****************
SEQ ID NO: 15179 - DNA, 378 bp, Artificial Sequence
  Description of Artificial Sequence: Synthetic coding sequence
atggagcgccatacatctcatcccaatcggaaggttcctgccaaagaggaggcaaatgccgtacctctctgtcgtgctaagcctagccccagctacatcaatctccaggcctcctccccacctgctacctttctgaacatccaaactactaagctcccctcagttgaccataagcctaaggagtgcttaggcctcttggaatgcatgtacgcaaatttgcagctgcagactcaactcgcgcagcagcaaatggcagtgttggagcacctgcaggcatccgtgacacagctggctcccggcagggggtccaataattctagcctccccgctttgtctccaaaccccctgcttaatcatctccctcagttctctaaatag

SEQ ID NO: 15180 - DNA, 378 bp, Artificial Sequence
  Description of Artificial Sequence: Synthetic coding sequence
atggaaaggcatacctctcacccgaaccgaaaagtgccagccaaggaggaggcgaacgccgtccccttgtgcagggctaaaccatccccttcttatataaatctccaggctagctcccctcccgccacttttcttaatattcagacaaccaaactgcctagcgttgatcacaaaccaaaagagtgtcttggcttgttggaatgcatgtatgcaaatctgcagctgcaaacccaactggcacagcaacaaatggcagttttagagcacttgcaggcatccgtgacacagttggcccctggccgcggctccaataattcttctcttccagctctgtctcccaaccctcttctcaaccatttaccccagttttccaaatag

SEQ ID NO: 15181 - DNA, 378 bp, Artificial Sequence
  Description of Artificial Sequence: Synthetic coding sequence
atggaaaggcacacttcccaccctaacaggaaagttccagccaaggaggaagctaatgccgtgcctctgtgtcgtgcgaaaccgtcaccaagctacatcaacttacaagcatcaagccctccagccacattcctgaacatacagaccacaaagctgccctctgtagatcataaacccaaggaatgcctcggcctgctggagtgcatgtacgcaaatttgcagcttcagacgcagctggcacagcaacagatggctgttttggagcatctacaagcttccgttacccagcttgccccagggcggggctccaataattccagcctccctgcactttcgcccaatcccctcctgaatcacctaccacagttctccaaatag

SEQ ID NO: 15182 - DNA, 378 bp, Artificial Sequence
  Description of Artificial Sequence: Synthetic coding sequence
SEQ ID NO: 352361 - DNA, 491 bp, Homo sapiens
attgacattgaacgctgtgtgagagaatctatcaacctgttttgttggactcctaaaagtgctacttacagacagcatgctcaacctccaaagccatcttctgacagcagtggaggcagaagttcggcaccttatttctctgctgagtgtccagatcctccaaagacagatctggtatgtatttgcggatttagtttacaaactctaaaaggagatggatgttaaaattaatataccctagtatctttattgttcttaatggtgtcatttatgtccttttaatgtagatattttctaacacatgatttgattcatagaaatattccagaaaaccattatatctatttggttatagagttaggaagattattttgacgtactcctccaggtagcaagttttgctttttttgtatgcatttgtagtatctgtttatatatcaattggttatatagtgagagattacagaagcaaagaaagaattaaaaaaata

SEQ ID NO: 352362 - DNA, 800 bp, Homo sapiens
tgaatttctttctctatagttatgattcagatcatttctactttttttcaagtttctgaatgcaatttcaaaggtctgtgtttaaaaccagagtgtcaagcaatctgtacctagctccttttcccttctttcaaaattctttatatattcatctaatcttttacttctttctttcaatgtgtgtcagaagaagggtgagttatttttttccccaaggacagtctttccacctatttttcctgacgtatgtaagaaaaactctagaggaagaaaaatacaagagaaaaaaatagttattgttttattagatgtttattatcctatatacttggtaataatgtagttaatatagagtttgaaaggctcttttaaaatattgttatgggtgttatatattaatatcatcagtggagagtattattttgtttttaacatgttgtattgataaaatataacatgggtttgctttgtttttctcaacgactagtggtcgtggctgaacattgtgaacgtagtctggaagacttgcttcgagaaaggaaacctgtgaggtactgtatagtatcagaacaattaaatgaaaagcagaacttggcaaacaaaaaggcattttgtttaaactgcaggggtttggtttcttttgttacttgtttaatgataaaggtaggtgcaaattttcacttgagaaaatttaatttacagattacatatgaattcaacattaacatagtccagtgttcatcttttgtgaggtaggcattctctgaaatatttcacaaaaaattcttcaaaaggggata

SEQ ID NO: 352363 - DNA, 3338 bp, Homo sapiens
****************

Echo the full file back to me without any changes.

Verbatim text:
SEQ ID NO: 15179 - DNA, 378 bp, Artificial Sequence
  Description of Artificial Sequence: Synthetic coding sequence
atggagcgccatacatctcatcccaatcggaaggttcctgccaaagaggaggcaaatgccgtacctctctgtcgtgctaagcctagccccagctacatcaatctccaggcctcctccccacctgctacctttctgaacatccaaactactaagctcccctcagttgaccataagcctaaggagtgcttaggcctcttggaatgcatgtacgcaaatttgcagctgcagactcaactcgcgcagcagcaaatggcagtgttggagcacctgcaggcatccgtgacacagctggctcccggcagggggtccaataattctagcctccccgctttgtctccaaaccccctgcttaatcatctccctcagttctctaaatag

SEQ ID NO: 15180 - DNA, 378 bp, Artificial Sequence
  Description of Artificial Sequence: Synthetic coding sequence
atggaaaggcatacctctcacccgaaccgaaaagtgccagccaaggaggaggcgaacgccgtccccttgtgcagggctaaaccatccccttcttatataaatctccaggctagctcccctcccgccacttttcttaatattcagacaaccaaactgcctagcgttgatcacaaaccaaaagagtgtcttggcttgttggaatgcatgtatgcaaatctgcagctgcaaacccaactggcacagcaacaaatggcagttttagagcacttgcaggcatccgtgacacagttggcccctggccgcggctccaataattcttctcttccagctctgtctcccaaccctcttctcaaccatttaccccagttttccaaatag

SEQ ID NO: 15181 - DNA, 378 bp, Artificial Sequence
  Description of Artificial Sequence: Synthetic coding sequence
atggaaaggcacacttcccaccctaacaggaaagttccagccaaggaggaagctaatgccgtgcctctgtgtcgtgcgaaaccgtcaccaagctacatcaacttacaagcatcaagccctccagccacattcctgaacatacagaccacaaagctgccctctgtagatcataaacccaaggaatgcctcggcctgctggagtgcatgtacgcaaatttgcagcttcagacgcagctggcacagcaacagatggctgttttggagcatctacaagcttccgttacccagcttgccccagggcggggctccaataattccagcctccctgcactttcgcccaatcccctcctgaatcacctaccacagttctccaaatag

SEQ ID NO: 15182 - DNA, 378 bp, Artificial Sequence
  Description of Artificial Sequence: Synthetic coding sequence
SEQ ID NO: 352361 - DNA, 491 bp, Homo sapiens
attgacattgaacgctgtgtgagagaatctatcaacctgttttgttggactcctaaaagtgctacttacagacagcatgctcaacctccaaagccatcttctgacagcagtggaggcagaagttcggcaccttatttctctgctgagtgtccagatcctccaaagacagatctggtatgtatttgcggatttagtttacaaactctaaaaggagatggatgttaaaattaatataccctagtatctttattgttcttaatggtgtcatttatgtccttttaatgtagatattttctaacacatgatttgattcatagaaatattccagaaaaccattatatctatttggttatagagttaggaagattattttgacgtactcctccaggtagcaagttttgctttttttgtatgcatttgtagtatctgtttatatatcaattggttatatagtgagagattacagaagcaaagaaagaattaaaaaaata

SEQ ID NO: 352362 - DNA, 800 bp, Homo sapiens
tgaatttctttctctatagttatgattcagatcatttctactttttttcaagtttctgaatgcaatttcaaaggtctgtgtttaaaaccagagtgtcaagcaatctgtacctagctccttttcccttctttcaaaattctttatatattcatctaatcttttacttctttctttcaatgtgtgtcagaagaagggtgagttatttttttccccaaggacagtctttccacctatttttcctgacgtatgtaagaaaaactctagaggaagaaaaatacaagagaaaaaaatagttattgttttattagatgtttattatcctatatacttggtaataatgtagttaatatagagtttgaaaggctcttttaaaatattgttatgggtgttatatattaatatcatcagtggagagtattattttgtttttaacatgttgtattgataaaatataacatgggtttgctttgtttttctcaacgactagtggtcgtggctgaacattgtgaacgtagtctggaagacttgcttcgagaaaggaaacctgtgaggtactgtatagtatcagaacaattaaatgaaaagcagaacttggcaaacaaaaaggcattttgtttaaactgcaggggtttggtttcttttgttacttgtttaatgataaaggtaggtgcaaattttcacttgagaaaatttaatttacagattacatatgaattcaacattaacatagtccagtgttcatcttttgtgaggtaggcattctctgaaatatttcacaaaaaattcttcaaaaggggata

SEQ ID NO: 352363 - DNA, 3338 bp, Homo sapiens